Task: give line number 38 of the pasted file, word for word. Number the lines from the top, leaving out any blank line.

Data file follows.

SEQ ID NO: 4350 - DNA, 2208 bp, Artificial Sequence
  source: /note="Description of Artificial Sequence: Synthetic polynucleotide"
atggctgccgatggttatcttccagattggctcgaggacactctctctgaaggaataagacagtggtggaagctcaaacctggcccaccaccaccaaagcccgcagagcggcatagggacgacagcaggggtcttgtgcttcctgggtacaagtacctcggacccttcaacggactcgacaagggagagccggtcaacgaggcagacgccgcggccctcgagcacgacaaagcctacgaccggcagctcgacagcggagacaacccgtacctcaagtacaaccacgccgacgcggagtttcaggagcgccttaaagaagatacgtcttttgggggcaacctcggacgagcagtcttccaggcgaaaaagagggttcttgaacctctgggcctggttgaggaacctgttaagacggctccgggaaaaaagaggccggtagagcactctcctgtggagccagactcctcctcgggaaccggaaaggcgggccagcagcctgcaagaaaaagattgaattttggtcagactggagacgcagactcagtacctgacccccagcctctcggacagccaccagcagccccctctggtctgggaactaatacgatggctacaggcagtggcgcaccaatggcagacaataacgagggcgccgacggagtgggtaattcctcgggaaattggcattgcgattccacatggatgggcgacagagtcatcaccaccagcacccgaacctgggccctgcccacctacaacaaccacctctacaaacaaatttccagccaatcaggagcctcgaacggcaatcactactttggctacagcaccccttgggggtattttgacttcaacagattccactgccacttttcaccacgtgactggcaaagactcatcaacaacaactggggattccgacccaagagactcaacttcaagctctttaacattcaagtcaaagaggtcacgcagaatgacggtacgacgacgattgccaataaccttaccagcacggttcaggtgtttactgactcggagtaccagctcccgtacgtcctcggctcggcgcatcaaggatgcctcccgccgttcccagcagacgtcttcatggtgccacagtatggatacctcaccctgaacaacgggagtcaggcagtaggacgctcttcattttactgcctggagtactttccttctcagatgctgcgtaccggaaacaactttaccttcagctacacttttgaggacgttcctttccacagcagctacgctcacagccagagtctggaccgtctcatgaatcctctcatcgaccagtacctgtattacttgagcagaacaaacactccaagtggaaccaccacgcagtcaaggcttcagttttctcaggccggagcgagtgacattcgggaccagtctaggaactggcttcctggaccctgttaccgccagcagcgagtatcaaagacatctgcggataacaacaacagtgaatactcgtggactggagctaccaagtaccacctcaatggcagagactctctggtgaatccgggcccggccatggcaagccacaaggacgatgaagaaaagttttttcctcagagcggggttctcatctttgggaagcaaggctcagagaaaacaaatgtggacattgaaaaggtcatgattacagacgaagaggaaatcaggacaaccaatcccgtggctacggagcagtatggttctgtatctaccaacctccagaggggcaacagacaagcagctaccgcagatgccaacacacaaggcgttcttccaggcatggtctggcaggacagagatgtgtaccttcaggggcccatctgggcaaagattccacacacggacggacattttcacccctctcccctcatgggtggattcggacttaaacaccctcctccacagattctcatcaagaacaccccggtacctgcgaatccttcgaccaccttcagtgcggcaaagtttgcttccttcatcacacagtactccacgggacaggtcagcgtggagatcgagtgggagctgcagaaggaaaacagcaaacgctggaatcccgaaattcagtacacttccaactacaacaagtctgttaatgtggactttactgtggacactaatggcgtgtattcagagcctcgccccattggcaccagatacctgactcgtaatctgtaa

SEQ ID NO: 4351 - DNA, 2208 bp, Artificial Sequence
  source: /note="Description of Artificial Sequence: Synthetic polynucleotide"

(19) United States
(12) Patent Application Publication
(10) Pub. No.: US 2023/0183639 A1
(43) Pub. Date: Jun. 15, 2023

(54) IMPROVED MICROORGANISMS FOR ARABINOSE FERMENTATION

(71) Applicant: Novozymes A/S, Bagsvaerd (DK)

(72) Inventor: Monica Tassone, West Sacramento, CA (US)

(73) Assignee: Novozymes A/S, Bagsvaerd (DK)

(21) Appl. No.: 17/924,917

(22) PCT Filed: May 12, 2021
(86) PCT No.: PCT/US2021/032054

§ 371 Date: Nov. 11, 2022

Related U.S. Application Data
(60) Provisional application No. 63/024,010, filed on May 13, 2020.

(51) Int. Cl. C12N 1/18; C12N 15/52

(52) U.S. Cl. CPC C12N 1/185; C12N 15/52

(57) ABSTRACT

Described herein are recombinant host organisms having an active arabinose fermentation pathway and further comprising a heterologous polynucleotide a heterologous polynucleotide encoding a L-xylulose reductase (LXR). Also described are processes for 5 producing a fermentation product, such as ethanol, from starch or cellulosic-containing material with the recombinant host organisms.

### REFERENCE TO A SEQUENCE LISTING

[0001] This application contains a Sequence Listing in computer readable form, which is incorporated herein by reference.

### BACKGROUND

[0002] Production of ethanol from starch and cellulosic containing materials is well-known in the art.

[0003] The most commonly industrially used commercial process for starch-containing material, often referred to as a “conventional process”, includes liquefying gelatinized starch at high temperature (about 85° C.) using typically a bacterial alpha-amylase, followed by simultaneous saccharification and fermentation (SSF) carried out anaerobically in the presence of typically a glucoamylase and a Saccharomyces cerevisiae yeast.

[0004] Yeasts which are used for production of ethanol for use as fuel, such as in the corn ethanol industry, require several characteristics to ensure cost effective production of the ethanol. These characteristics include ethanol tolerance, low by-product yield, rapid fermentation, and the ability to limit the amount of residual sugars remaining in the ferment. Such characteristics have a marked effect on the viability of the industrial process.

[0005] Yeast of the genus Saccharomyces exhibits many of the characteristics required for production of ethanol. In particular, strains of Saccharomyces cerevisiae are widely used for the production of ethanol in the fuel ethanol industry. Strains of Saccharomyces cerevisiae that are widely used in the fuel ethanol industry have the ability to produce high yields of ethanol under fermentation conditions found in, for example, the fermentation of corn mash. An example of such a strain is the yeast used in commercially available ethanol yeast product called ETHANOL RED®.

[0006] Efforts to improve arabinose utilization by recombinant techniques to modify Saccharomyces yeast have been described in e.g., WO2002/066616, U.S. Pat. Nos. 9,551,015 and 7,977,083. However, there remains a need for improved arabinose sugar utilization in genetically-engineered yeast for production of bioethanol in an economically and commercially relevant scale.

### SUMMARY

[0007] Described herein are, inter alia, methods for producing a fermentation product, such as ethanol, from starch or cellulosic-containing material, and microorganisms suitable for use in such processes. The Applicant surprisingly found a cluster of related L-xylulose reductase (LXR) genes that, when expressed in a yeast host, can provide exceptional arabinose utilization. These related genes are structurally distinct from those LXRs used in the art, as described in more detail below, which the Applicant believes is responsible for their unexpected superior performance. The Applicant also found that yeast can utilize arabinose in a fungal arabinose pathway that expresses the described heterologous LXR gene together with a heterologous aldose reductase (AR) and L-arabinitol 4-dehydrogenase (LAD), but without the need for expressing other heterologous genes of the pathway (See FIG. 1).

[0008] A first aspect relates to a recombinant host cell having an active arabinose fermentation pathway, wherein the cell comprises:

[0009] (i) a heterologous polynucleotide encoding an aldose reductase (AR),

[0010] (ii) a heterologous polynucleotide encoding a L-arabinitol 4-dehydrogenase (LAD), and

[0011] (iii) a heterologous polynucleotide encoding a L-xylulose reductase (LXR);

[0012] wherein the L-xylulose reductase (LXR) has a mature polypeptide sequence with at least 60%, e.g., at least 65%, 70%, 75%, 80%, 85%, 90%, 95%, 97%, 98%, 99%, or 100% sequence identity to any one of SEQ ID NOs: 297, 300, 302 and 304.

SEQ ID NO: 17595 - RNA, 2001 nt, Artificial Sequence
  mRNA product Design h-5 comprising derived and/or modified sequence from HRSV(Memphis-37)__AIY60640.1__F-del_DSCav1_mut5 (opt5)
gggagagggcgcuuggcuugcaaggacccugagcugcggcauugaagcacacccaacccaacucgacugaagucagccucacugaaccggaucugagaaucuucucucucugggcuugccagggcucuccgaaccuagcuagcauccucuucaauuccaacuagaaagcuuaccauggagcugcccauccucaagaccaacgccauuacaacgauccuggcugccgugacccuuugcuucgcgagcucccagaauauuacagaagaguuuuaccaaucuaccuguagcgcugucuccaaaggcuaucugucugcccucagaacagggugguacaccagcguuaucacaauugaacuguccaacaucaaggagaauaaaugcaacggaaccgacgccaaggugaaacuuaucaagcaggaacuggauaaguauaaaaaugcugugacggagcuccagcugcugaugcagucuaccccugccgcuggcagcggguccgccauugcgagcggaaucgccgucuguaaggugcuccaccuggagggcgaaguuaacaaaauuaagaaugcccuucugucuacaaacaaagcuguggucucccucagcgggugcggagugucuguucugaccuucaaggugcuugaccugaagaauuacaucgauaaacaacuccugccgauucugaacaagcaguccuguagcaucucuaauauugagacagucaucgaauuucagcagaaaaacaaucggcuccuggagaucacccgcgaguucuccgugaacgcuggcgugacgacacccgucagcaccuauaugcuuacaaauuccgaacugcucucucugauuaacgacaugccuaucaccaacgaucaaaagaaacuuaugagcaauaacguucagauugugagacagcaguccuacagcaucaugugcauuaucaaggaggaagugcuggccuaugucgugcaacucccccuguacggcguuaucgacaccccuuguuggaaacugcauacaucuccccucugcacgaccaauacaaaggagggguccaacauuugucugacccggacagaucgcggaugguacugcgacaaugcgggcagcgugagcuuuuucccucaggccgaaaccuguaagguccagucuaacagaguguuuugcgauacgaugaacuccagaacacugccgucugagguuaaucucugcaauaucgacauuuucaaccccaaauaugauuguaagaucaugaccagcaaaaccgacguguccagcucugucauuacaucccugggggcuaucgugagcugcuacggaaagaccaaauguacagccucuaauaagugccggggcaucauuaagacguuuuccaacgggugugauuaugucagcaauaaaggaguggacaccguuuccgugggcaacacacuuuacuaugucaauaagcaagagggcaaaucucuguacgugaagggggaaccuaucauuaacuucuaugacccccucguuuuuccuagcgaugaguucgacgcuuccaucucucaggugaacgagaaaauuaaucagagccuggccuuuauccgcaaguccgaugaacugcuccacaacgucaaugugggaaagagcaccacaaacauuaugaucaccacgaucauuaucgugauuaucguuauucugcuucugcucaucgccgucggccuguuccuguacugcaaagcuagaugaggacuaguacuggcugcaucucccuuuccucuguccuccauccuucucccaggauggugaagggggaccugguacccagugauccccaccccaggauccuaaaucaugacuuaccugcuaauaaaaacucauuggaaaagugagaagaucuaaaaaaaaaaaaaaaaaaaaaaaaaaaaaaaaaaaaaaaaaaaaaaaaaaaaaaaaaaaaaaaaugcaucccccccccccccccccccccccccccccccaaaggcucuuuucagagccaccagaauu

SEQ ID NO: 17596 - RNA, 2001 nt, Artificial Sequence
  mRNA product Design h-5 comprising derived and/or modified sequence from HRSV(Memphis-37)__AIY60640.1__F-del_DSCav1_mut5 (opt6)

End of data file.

[0012] wherein the L-xylulose reductase (LXR) has a mature polypeptide sequence with at least 60%, e.g., at least 65%, 70%, 75%, 80%, 85%, 90%, 95%, 97%, 98%, 99%, or 100% sequence identity to any one of SEQ ID NOs: 297, 300, 302 and 304.